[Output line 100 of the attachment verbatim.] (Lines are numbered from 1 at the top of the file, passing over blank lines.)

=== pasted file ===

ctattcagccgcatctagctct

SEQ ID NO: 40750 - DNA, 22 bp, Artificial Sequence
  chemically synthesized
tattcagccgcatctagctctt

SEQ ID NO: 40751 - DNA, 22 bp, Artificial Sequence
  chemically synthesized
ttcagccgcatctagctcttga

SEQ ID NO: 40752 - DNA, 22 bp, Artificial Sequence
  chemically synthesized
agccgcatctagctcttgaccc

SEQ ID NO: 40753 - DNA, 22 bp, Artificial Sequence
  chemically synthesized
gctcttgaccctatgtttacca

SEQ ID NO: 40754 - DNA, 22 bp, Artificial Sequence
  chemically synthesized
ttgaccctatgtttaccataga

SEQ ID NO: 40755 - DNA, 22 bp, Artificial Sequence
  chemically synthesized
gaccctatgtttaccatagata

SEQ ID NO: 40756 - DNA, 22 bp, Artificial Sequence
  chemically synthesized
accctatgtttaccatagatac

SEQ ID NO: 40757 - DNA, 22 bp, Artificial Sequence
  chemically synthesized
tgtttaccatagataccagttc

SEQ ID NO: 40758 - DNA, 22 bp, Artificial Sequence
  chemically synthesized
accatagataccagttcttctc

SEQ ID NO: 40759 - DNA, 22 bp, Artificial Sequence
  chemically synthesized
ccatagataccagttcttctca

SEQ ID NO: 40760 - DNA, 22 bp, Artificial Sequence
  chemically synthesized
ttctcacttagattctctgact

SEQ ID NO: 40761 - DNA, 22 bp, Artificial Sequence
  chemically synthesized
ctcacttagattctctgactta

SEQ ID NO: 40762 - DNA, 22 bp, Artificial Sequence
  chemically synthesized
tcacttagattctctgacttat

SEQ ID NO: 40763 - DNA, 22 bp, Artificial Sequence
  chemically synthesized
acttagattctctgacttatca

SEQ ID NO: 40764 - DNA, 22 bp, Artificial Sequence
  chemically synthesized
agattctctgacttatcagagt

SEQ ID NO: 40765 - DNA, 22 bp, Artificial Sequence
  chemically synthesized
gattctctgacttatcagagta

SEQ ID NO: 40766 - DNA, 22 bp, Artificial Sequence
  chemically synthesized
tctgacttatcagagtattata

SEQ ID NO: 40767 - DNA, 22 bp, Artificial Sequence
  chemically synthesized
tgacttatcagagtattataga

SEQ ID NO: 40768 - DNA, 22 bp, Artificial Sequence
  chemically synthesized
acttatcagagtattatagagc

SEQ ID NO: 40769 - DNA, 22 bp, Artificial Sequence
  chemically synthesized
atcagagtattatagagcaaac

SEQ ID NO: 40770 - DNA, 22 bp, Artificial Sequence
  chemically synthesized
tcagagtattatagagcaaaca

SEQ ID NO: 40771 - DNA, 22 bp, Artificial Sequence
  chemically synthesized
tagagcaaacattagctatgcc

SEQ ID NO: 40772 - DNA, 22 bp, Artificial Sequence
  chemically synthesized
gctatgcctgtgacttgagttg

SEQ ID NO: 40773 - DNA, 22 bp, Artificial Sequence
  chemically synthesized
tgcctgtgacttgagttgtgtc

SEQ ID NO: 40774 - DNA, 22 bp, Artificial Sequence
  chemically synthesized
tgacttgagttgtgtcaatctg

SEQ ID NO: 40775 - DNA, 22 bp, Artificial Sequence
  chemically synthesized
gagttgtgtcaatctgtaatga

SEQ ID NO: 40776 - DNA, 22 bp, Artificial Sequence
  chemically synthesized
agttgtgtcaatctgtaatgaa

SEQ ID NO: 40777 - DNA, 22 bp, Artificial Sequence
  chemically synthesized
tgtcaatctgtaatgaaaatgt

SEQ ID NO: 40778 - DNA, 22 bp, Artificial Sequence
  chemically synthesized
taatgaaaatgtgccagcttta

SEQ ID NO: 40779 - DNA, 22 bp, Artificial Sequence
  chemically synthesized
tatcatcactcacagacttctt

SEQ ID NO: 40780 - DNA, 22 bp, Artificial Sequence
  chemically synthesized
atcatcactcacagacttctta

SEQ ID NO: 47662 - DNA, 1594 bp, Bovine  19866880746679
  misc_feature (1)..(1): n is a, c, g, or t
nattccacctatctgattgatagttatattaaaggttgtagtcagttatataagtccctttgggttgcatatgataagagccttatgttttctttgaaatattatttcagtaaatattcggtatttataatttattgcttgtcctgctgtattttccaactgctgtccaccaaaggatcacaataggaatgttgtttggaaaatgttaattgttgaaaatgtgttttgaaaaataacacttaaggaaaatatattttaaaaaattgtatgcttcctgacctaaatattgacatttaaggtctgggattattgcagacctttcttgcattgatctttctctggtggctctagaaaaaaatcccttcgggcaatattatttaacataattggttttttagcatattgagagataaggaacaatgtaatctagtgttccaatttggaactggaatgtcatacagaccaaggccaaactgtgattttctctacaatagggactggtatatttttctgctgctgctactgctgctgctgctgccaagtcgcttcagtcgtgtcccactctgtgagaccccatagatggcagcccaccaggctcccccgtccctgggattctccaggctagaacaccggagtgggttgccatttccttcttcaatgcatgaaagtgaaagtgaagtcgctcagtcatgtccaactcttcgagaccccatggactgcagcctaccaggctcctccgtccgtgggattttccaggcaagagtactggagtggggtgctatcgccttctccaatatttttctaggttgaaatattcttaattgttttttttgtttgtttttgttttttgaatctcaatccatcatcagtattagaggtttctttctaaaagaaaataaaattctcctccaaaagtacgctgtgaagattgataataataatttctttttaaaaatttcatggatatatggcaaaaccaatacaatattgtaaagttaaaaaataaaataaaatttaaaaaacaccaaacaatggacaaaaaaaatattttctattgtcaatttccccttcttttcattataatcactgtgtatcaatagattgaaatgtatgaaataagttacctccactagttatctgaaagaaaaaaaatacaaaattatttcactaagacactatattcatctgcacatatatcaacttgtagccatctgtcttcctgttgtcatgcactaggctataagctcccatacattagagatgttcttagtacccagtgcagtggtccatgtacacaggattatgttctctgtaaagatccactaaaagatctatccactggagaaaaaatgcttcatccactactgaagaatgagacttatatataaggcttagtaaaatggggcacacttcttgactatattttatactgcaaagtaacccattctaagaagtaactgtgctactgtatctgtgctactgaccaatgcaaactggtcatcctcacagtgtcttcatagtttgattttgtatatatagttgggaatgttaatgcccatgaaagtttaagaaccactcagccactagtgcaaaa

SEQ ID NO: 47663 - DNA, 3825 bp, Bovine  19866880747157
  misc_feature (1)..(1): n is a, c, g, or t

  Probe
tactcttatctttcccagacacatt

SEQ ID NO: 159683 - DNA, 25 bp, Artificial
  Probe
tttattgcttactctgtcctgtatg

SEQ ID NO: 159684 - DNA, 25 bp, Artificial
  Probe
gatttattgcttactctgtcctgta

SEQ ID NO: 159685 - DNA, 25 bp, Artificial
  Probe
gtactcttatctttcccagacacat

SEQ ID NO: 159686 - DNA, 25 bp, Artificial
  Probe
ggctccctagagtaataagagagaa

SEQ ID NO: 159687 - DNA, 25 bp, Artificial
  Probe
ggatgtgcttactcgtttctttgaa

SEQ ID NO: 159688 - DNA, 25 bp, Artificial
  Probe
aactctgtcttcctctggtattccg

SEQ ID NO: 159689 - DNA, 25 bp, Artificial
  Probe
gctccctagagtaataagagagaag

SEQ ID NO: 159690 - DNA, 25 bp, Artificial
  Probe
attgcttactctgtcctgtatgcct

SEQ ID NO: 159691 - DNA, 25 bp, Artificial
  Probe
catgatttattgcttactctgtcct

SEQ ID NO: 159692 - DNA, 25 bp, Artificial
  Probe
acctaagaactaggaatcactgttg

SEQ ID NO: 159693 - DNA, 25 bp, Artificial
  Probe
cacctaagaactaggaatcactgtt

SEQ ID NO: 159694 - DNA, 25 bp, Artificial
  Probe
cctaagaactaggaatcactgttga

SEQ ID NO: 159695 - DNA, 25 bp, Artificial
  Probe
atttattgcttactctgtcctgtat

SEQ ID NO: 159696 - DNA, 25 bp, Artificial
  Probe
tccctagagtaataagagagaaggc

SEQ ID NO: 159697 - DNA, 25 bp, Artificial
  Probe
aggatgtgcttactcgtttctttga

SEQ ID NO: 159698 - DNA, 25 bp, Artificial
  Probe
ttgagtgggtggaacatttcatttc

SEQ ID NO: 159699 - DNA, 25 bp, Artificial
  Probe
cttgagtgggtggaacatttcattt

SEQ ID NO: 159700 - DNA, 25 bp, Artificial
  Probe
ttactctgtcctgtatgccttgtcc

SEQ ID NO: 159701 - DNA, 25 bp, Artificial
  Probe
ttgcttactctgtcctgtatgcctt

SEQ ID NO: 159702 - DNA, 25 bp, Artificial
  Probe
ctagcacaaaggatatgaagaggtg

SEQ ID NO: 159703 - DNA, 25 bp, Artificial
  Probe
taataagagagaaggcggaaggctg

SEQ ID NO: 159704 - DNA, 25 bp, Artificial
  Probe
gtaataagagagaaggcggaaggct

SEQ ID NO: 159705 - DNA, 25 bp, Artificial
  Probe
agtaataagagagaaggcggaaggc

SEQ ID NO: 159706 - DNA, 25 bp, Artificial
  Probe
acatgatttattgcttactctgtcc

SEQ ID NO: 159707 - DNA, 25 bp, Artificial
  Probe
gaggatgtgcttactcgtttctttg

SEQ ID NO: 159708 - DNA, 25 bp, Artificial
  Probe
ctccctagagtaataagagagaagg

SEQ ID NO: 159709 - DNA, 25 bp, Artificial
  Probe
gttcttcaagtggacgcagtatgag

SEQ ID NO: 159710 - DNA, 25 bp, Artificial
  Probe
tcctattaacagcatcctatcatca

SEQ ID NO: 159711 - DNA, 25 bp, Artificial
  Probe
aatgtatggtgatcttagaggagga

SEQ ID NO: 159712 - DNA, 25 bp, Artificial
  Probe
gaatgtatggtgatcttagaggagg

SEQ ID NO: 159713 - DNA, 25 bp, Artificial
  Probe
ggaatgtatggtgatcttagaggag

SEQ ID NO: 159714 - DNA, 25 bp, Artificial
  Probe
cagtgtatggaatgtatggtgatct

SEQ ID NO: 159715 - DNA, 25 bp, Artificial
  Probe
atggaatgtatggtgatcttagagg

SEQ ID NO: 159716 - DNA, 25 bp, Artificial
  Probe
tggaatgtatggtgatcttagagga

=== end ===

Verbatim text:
  Probe